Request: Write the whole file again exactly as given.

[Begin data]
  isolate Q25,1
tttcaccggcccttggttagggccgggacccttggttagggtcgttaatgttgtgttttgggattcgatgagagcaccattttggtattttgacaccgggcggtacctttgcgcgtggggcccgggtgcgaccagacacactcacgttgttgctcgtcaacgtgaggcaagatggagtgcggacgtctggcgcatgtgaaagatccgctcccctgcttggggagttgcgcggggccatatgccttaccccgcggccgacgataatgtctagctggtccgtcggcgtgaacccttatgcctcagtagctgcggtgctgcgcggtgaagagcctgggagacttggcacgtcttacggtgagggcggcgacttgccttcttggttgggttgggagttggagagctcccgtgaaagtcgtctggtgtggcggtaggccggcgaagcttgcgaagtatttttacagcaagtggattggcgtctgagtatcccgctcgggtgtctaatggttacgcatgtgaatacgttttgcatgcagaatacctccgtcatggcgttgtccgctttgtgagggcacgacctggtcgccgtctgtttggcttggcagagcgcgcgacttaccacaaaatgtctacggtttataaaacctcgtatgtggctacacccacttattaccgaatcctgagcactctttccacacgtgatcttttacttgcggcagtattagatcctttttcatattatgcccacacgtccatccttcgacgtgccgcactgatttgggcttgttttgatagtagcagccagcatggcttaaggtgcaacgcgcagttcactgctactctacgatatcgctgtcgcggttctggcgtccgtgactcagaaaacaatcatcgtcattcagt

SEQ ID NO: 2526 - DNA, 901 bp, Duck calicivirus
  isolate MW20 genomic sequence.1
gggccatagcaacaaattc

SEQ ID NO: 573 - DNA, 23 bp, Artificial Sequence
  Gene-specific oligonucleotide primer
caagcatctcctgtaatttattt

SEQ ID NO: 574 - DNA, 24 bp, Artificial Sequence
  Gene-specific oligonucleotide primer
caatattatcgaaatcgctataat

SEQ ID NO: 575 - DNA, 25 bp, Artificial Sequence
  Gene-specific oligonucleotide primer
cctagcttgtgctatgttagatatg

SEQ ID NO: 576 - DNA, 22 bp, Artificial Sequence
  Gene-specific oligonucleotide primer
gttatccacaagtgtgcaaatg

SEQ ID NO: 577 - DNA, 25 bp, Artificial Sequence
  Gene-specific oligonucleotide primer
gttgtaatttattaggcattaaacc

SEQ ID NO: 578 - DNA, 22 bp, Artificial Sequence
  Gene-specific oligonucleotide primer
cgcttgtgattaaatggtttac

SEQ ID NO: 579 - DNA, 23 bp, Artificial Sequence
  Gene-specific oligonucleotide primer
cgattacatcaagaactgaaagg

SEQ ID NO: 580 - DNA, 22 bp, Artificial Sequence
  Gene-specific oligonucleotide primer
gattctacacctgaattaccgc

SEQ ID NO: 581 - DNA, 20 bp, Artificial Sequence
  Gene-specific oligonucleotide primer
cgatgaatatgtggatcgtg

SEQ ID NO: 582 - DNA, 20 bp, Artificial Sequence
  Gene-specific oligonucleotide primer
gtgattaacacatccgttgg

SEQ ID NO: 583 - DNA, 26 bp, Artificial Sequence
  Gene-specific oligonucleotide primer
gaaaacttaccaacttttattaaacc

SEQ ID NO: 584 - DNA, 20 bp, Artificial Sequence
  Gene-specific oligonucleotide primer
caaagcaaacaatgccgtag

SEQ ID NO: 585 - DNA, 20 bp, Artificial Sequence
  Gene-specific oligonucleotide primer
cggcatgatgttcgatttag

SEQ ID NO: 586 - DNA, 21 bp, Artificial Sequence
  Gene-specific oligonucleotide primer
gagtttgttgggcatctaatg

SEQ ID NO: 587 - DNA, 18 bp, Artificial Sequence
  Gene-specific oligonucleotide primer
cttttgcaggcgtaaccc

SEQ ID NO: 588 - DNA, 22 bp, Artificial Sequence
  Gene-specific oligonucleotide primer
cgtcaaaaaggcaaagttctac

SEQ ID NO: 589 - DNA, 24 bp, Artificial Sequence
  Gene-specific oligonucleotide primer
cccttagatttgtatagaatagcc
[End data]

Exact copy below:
  isolate Q25,1
tttcaccggcccttggttagggccgggacccttggttagggtcgttaatgttgtgttttgggattcgatgagagcaccattttggtattttgacaccgggcggtacctttgcgcgtggggcccgggtgcgaccagacacactcacgttgttgctcgtcaacgtgaggcaagatggagtgcggacgtctggcgcatgtgaaagatccgctcccctgcttggggagttgcgcggggccatatgccttaccccgcggccgacgataatgtctagctggtccgtcggcgtgaacccttatgcctcagtagctgcggtgctgcgcggtgaagagcctgggagacttggcacgtcttacggtgagggcggcgacttgccttcttggttgggttgggagttggagagctcccgtgaaagtcgtctggtgtggcggtaggccggcgaagcttgcgaagtatttttacagcaagtggattggcgtctgagtatcccgctcgggtgtctaatggttacgcatgtgaatacgttttgcatgcagaatacctccgtcatggcgttgtccgctttgtgagggcacgacctggtcgccgtctgtttggcttggcagagcgcgcgacttaccacaaaatgtctacggtttataaaacctcgtatgtggctacacccacttattaccgaatcctgagcactctttccacacgtgatcttttacttgcggcagtattagatcctttttcatattatgcccacacgtccatccttcgacgtgccgcactgatttgggcttgttttgatagtagcagccagcatggcttaaggtgcaacgcgcagttcactgctactctacgatatcgctgtcgcggttctggcgtccgtgactcagaaaacaatcatcgtcattcagt

SEQ ID NO: 2526 - DNA, 901 bp, Duck calicivirus
  isolate MW20 genomic sequence.1
gggccatagcaacaaattc

SEQ ID NO: 573 - DNA, 23 bp, Artificial Sequence
  Gene-specific oligonucleotide primer
caagcatctcctgtaatttattt

SEQ ID NO: 574 - DNA, 24 bp, Artificial Sequence
  Gene-specific oligonucleotide primer
caatattatcgaaatcgctataat

SEQ ID NO: 575 - DNA, 25 bp, Artificial Sequence
  Gene-specific oligonucleotide primer
cctagcttgtgctatgttagatatg

SEQ ID NO: 576 - DNA, 22 bp, Artificial Sequence
  Gene-specific oligonucleotide primer
gttatccacaagtgtgcaaatg

SEQ ID NO: 577 - DNA, 25 bp, Artificial Sequence
  Gene-specific oligonucleotide primer
gttgtaatttattaggcattaaacc

SEQ ID NO: 578 - DNA, 22 bp, Artificial Sequence
  Gene-specific oligonucleotide primer
cgcttgtgattaaatggtttac

SEQ ID NO: 579 - DNA, 23 bp, Artificial Sequence
  Gene-specific oligonucleotide primer
cgattacatcaagaactgaaagg

SEQ ID NO: 580 - DNA, 22 bp, Artificial Sequence
  Gene-specific oligonucleotide primer
gattctacacctgaattaccgc

SEQ ID NO: 581 - DNA, 20 bp, Artificial Sequence
  Gene-specific oligonucleotide primer
cgatgaatatgtggatcgtg

SEQ ID NO: 582 - DNA, 20 bp, Artificial Sequence
  Gene-specific oligonucleotide primer
gtgattaacacatccgttgg

SEQ ID NO: 583 - DNA, 26 bp, Artificial Sequence
  Gene-specific oligonucleotide primer
gaaaacttaccaacttttattaaacc

SEQ ID NO: 584 - DNA, 20 bp, Artificial Sequence
  Gene-specific oligonucleotide primer
caaagcaaacaatgccgtag

SEQ ID NO: 585 - DNA, 20 bp, Artificial Sequence
  Gene-specific oligonucleotide primer
cggcatgatgttcgatttag

SEQ ID NO: 586 - DNA, 21 bp, Artificial Sequence
  Gene-specific oligonucleotide primer
gagtttgttgggcatctaatg

SEQ ID NO: 587 - DNA, 18 bp, Artificial Sequence
  Gene-specific oligonucleotide primer
cttttgcaggcgtaaccc

SEQ ID NO: 588 - DNA, 22 bp, Artificial Sequence
  Gene-specific oligonucleotide primer
cgtcaaaaaggcaaagttctac

SEQ ID NO: 589 - DNA, 24 bp, Artificial Sequence
  Gene-specific oligonucleotide primer
cccttagatttgtatagaatagcc